A spokesperson from Crown Lands says Port Macquarie-Hastings Council opened Lake Cathie in 2018 without approval from the department.
Port Macquarie-Hastings Council artificially opened Lake Cathie to the ocean on July 11, 2018 after the lake's water level rose beyond the 1.6 metre opening trigger point.
The legislative framework around the lake system is extremely complex, with a number of state and local government departments responsible for different parts of the estuarine system.
It remains unclear just what the ramifications are for council.
The spokesperson from Crown Lands said Port Macquarie-Hastings Council applied to the Department of Planning, Industry and Environment-Crown Lands for a short term licence to dredge the entrance of Lake Cathie.
"The council was advised that for the application to be considered by the department, it needs to complete an environmental impact assessment," he said.
"That environmental impact assessment is yet to be submitted by council."
At the December council meeting, it was revealed council's most current environmental data for the lake is more than two decades old.
It came after the November council meeting, where council voted in favour of obtaining a one-off licence from Crown Lands to open the lake.
However, before that licence is granted, council must conduct a review of environmental factors (REF). The last time this was done for the waterway at Lake Cathie was 1995.
Council director Melissa Watkins said the opening of Lake Cathie is undertaken in accordance with Clause 129, Division 25 of the State Environmental Planning Policy (Infrastructure) 2007 (ISEPP).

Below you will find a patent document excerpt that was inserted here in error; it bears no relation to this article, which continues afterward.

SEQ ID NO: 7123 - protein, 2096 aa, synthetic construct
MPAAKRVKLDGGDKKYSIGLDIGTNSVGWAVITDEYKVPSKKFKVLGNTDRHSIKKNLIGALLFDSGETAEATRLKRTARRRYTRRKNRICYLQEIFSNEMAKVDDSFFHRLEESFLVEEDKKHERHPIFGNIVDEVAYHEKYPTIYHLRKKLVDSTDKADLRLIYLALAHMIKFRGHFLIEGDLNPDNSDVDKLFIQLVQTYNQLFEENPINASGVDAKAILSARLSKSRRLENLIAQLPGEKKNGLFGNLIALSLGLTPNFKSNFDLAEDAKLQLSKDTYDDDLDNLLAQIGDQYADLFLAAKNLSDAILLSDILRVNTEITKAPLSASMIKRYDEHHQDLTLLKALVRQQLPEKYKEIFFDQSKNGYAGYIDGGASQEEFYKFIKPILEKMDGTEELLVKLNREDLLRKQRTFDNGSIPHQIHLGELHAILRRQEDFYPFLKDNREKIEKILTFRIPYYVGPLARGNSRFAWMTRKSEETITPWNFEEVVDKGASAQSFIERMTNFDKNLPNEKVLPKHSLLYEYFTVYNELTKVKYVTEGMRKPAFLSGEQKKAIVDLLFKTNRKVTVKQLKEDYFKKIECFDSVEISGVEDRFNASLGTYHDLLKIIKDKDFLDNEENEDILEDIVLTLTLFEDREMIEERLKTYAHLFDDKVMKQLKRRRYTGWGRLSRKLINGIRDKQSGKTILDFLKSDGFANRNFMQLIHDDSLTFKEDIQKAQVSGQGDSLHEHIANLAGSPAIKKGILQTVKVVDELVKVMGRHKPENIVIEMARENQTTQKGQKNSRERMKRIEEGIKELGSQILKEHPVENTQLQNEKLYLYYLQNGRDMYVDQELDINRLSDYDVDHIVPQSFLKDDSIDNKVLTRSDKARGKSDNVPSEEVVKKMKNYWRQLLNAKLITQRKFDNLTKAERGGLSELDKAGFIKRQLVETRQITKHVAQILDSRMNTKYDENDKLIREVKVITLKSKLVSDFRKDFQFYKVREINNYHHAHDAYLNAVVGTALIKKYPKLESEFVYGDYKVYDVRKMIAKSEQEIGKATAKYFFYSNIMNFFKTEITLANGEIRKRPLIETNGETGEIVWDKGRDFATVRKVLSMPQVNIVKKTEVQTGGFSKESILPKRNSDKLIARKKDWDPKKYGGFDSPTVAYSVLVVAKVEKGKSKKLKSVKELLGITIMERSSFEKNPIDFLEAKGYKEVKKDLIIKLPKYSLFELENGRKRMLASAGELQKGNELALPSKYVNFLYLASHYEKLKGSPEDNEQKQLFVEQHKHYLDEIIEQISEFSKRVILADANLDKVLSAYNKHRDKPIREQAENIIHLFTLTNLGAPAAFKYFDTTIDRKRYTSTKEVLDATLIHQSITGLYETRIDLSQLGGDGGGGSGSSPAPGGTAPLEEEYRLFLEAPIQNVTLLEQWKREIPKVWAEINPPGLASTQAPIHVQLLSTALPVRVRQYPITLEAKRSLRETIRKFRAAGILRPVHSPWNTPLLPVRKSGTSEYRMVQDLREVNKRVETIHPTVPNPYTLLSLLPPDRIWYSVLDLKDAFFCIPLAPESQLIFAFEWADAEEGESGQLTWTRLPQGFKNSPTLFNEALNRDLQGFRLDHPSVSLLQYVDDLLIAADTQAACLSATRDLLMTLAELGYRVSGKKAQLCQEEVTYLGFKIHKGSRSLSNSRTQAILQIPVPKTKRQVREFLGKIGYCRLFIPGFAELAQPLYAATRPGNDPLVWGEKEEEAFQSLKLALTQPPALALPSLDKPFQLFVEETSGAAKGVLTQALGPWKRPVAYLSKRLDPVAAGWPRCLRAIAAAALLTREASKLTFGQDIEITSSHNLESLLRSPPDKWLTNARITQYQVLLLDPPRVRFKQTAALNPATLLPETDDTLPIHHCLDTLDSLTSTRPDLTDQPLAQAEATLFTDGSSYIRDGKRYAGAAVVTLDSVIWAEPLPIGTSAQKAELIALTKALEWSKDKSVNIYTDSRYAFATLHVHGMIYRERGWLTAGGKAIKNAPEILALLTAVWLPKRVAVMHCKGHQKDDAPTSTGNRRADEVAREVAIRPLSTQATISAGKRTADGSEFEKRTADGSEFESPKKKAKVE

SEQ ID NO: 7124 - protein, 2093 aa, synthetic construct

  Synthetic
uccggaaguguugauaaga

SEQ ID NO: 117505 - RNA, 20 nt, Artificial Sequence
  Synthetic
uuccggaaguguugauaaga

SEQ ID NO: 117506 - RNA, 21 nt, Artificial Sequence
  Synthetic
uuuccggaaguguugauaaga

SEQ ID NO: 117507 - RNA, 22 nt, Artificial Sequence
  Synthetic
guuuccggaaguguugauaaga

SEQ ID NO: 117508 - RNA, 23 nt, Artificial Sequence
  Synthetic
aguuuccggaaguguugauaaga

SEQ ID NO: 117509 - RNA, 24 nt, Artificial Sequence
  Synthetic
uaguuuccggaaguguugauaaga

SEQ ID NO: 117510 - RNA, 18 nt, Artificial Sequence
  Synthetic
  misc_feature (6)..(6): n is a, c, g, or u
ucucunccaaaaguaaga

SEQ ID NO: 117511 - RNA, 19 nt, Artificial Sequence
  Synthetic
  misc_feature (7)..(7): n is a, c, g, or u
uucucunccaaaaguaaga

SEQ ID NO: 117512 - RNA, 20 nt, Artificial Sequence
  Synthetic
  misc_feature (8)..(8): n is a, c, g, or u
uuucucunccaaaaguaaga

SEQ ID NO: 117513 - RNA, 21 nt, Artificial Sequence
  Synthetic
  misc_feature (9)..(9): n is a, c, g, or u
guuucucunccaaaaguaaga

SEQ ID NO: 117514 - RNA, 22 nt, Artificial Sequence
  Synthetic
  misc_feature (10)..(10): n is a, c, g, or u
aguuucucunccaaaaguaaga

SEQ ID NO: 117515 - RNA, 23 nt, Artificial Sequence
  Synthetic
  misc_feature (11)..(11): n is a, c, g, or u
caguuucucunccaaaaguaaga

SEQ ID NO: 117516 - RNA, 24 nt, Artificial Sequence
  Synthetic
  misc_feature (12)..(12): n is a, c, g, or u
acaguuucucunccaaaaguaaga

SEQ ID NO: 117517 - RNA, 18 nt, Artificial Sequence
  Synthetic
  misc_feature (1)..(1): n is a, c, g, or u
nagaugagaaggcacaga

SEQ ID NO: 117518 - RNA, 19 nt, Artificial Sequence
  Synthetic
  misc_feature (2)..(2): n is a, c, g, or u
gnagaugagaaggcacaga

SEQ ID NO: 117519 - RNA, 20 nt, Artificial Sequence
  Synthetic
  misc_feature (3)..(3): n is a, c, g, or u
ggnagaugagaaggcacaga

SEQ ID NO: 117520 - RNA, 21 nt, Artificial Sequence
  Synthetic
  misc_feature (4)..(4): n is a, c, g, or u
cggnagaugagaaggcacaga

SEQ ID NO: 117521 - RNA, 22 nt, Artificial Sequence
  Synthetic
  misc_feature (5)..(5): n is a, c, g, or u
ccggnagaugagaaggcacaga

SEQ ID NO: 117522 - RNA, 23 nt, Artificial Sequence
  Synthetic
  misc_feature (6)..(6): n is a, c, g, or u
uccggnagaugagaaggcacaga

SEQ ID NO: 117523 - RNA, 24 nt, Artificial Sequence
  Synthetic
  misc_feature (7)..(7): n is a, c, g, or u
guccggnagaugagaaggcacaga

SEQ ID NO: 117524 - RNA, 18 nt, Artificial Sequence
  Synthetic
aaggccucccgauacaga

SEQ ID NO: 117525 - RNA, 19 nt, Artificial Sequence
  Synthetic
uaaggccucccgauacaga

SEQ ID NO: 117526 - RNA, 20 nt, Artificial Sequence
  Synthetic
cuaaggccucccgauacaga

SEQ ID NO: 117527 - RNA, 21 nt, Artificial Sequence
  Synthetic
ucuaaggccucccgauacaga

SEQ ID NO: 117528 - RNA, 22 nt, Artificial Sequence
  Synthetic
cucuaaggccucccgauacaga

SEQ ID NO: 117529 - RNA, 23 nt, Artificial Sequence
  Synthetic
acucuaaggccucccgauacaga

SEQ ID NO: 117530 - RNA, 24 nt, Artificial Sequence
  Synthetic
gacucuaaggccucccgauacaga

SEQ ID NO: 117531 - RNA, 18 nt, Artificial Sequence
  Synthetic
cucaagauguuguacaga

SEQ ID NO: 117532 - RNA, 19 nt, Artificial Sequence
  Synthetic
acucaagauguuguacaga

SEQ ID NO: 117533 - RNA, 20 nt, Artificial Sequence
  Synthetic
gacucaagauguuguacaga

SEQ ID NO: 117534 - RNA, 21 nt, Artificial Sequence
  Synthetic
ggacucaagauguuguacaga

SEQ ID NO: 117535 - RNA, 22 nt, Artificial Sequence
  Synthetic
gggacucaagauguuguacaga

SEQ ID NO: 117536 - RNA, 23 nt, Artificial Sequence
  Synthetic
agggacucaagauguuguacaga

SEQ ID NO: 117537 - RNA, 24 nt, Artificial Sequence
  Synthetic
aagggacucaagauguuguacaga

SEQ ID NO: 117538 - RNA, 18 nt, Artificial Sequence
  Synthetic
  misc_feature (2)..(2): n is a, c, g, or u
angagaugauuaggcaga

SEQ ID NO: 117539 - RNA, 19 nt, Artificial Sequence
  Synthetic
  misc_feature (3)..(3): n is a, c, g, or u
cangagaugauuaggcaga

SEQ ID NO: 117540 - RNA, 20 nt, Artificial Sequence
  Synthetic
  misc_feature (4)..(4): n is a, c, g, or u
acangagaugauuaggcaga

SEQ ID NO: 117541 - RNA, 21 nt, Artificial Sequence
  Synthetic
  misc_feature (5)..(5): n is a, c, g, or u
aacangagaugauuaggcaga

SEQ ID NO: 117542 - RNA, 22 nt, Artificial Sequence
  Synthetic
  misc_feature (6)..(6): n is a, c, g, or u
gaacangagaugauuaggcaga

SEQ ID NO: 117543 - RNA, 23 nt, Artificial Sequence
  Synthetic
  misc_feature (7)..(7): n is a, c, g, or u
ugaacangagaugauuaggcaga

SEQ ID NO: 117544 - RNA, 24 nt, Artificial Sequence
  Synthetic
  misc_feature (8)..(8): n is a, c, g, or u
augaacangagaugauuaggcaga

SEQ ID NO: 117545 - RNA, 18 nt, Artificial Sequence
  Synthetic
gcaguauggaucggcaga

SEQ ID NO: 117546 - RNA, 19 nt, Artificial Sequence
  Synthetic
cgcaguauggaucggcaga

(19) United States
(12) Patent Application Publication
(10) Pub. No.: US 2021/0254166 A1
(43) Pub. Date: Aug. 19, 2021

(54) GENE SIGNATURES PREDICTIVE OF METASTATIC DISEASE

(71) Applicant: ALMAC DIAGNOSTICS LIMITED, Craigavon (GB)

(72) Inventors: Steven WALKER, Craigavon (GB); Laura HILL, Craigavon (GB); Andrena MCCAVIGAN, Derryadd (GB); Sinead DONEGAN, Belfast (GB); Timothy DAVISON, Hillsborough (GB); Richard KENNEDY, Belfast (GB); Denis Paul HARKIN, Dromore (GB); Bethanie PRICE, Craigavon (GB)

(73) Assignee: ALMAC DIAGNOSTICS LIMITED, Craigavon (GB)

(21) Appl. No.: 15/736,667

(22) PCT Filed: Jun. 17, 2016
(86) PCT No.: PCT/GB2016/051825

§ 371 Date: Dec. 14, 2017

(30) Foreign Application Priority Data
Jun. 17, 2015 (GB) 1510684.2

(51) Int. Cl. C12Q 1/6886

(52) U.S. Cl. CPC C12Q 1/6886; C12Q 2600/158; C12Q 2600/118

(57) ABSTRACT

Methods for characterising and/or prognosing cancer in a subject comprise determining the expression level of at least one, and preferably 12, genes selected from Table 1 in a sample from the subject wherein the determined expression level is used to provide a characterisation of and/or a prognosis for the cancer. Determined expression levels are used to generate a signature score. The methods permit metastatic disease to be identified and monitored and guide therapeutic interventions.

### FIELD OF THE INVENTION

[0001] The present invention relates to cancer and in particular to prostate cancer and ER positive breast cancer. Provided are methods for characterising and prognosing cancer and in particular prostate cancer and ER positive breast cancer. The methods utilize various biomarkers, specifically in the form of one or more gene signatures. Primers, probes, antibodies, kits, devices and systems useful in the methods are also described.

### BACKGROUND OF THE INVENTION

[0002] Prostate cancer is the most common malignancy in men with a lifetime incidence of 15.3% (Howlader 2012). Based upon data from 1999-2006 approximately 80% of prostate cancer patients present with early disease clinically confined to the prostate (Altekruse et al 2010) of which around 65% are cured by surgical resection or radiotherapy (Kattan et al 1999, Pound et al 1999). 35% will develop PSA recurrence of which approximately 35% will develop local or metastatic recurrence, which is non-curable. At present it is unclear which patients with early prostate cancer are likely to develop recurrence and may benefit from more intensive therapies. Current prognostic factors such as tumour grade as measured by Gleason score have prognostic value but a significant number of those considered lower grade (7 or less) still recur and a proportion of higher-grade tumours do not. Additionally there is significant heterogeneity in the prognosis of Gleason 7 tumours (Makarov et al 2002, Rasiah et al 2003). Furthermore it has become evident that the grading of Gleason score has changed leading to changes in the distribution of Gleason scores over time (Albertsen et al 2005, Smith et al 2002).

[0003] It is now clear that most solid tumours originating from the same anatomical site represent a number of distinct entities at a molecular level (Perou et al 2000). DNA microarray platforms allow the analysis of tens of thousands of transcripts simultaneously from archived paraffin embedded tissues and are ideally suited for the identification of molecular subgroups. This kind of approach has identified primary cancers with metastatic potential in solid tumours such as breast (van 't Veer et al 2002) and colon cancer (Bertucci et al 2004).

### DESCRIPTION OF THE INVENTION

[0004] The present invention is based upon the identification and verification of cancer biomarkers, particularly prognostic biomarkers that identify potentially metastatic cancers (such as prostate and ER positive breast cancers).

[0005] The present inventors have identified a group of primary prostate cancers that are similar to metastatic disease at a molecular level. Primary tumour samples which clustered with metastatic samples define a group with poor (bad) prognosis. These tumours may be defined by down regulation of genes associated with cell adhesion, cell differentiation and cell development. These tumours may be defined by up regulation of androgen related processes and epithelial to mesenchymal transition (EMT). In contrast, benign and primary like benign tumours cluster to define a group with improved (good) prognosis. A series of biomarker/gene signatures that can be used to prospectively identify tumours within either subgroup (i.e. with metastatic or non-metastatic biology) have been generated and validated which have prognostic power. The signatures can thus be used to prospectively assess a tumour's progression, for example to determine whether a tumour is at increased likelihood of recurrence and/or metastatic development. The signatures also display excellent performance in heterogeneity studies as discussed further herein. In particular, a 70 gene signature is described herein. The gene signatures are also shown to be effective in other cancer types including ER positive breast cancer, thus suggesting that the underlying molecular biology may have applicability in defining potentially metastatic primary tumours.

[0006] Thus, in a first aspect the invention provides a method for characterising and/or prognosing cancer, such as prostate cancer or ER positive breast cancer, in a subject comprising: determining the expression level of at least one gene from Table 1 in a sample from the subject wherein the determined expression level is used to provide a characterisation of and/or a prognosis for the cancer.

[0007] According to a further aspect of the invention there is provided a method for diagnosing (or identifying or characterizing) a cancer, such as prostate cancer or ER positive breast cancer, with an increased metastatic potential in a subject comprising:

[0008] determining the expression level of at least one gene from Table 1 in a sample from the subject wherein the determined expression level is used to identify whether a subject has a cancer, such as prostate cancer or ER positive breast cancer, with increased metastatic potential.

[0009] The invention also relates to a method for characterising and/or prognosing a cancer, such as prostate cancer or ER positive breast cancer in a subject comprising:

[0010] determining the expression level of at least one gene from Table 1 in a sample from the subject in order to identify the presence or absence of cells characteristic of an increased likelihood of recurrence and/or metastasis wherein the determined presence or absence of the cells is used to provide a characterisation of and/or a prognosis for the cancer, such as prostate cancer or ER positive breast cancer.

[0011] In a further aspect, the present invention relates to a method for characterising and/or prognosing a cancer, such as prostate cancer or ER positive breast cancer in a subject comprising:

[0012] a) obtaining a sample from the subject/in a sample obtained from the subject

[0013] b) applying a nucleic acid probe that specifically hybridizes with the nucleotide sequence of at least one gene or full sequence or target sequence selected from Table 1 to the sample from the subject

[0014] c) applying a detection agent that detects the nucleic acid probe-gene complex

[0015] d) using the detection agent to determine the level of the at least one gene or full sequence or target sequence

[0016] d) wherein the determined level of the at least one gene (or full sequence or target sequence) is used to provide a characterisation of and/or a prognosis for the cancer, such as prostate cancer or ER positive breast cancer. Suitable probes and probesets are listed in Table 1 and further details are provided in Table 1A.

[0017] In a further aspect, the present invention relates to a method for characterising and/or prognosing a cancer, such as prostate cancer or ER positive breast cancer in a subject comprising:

"(An opening) does not require development consent where the opening is for the purpose of flooding and other infrastructure protection purposes.
"In addition, approval is not required in an emergency, such as flooding, storms or erosion events, as council is authorised under Section 195 of the Local Government Act 1993, to enter and carry out works without the prior notification or consent of the land owner."
However, the Crown Lands spokesperson said the department advises councils with flood prone land to complete an environmental impact assessment and obtain a licence approval in advance, so they are prepared if urgent flood mitigation in an area is likely to be needed.
Ms Watkins said on each occasion, including 2018, all of the relevant government stakeholders have been involved in the lake opening process, prior to commencement through their membership on the PMHC Coast, Estuary and Floodplain Sub-Committee.
Ms Watkins said the 1995 REF has been sufficient to allow council to open the lake numerous times, as the majority of openings were for the purpose of alleviating flooding events.
"A Review of Environment Factors (REF) is required for activities being conducted that do not require development consent," she said.
According to Ms Watkins, the current drought conditions have caused additional ecological issues including significant acid sulphate concerns in the Lake Innes/Lake Cathie estuarine system.
"Due to this change in ecological condition and the legislative framework, council is now required to update the REF, prior to a short term licence being issued and any works commencing," she said.
The spokesperson from Crown Lands said an up to date environment study is required for all artificial openings.
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